DevBlog: Books on Game Design and Production

If you think about starting a career in the gaming industry – be it as an Indie dev or in an established company – it’s a good idea to do some reading first. Here are a few books which helped me not only during my career in gaming, but specifically with my current project, Network Traders.

Books on Game Design

The first book I would like to point you to is The Art of Game Design: A Book of Lenses by Jesse Schell. Besides being fun to read, Jesse uses so-called lenses to put a spotlight on many different aspects of game design. Each of these more than 100 lenses makes you ask some very specific questions about your game, or game idea. Answering them, you may achieve a game design that is not only fun, but may also persist on today’s highly competitive games market. There is even a companion app for the book summarizing each lense. But be warned, you may be a little puzzled by the questions if you haven’t read the book shortly before.

Another book I enjoyed reading is The Ultimate Guide to Video Game Writing and Design. It definitely stresses the point that any good game also tells a good story, no matter how abstract it may be. We humans love stories because this is how we learn. And your game will only benefit from a little more depth in story-telling.

Read about Game Production

The first time you write a game on your own, you will jump right in, hacking away on your first prototype. This is as it should be, but once you think about publishing in earnest, a more systematic approach is advisable. The book Game Design und Produktion (in German) by Gunther Rehfeld helped me a lot setting up the Network Traders project. From a vision statement and the game design document to community management, it goes through the whole game production process.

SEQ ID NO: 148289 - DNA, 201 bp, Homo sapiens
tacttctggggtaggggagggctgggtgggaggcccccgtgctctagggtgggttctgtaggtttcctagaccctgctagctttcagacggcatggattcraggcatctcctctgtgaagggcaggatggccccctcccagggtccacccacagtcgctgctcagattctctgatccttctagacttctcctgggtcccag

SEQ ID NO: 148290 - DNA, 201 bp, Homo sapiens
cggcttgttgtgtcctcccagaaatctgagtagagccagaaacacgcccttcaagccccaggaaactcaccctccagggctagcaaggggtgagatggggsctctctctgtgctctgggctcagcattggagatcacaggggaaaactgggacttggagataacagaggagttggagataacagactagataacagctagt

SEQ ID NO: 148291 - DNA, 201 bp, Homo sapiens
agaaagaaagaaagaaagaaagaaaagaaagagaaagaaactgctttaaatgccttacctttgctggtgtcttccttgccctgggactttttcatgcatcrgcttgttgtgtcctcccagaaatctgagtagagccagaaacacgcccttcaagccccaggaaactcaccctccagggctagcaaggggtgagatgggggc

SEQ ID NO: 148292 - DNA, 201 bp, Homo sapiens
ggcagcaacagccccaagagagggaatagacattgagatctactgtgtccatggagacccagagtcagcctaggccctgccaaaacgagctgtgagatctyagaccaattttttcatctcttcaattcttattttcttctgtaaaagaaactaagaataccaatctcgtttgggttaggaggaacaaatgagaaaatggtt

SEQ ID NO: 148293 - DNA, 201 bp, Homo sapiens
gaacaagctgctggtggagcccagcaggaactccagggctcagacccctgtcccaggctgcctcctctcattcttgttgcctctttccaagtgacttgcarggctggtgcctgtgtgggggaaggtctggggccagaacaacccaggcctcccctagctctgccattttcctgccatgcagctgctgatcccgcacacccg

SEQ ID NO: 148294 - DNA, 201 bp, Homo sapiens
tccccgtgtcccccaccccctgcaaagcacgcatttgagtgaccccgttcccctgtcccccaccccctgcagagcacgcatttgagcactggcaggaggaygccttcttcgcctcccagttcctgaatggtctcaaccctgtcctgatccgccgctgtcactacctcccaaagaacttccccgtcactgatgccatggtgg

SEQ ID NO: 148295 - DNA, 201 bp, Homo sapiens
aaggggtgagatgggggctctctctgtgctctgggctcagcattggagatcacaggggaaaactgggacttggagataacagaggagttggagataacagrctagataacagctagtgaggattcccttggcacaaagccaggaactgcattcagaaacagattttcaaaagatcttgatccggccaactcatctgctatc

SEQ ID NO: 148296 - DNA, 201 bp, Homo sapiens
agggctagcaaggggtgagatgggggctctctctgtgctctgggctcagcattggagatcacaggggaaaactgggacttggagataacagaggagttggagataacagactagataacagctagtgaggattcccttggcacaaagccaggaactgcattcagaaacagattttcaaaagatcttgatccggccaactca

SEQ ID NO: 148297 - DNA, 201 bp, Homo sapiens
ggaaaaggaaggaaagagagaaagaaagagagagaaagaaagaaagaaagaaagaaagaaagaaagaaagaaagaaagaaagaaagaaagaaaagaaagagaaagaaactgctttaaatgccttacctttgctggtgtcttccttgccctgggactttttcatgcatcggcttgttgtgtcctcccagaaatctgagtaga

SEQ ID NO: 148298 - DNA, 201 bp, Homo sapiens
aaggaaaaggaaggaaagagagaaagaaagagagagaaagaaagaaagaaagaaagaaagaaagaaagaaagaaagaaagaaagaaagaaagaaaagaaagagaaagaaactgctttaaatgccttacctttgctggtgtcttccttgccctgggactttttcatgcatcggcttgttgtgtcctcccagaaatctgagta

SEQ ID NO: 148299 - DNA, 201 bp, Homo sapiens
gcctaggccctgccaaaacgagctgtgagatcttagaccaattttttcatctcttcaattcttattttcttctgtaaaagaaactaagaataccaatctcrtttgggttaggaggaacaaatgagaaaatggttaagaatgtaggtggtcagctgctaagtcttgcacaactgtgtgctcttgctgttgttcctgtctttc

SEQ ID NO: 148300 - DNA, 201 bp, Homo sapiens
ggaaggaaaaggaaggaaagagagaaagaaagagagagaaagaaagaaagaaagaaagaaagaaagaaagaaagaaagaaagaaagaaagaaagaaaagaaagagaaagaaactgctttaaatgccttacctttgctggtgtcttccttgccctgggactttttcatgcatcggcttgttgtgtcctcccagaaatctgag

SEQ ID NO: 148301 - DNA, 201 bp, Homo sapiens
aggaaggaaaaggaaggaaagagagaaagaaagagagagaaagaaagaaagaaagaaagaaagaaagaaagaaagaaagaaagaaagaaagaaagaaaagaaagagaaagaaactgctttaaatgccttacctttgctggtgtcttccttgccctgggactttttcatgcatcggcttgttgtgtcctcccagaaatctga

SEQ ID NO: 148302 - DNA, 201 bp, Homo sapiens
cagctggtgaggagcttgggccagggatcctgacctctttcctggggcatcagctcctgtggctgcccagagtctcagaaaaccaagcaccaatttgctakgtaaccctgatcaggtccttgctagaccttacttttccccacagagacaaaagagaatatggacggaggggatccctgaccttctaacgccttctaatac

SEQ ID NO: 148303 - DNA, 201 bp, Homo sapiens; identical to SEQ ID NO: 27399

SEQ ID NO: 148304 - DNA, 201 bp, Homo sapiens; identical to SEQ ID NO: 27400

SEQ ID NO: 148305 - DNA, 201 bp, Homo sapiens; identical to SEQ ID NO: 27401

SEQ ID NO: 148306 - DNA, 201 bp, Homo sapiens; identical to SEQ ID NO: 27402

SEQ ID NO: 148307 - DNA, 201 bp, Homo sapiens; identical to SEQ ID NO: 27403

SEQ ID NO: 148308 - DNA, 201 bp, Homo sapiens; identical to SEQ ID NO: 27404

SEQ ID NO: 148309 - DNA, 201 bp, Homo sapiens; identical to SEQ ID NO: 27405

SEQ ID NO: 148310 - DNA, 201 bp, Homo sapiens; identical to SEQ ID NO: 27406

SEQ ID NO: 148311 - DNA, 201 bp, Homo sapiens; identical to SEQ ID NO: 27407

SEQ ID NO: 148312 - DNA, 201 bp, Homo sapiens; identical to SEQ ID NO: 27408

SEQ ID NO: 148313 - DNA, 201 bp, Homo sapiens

And just recently, I read the book Strategize by Roman Pichler. While it’s not specific to gaming, it is certainly helpful to think about a product strategy. The approaches described here are applicable to any software project. Anyway, having a stable foundation in agile practices is beneficial no matter how large your dev team. Even when working alone, I like to stick to these to give my work some guidance.

While this is by no means an exhaustive list, I hope it points you in a good direction. If you read one, give me some feedback on how you liked it! Either right here, or on Twitter.

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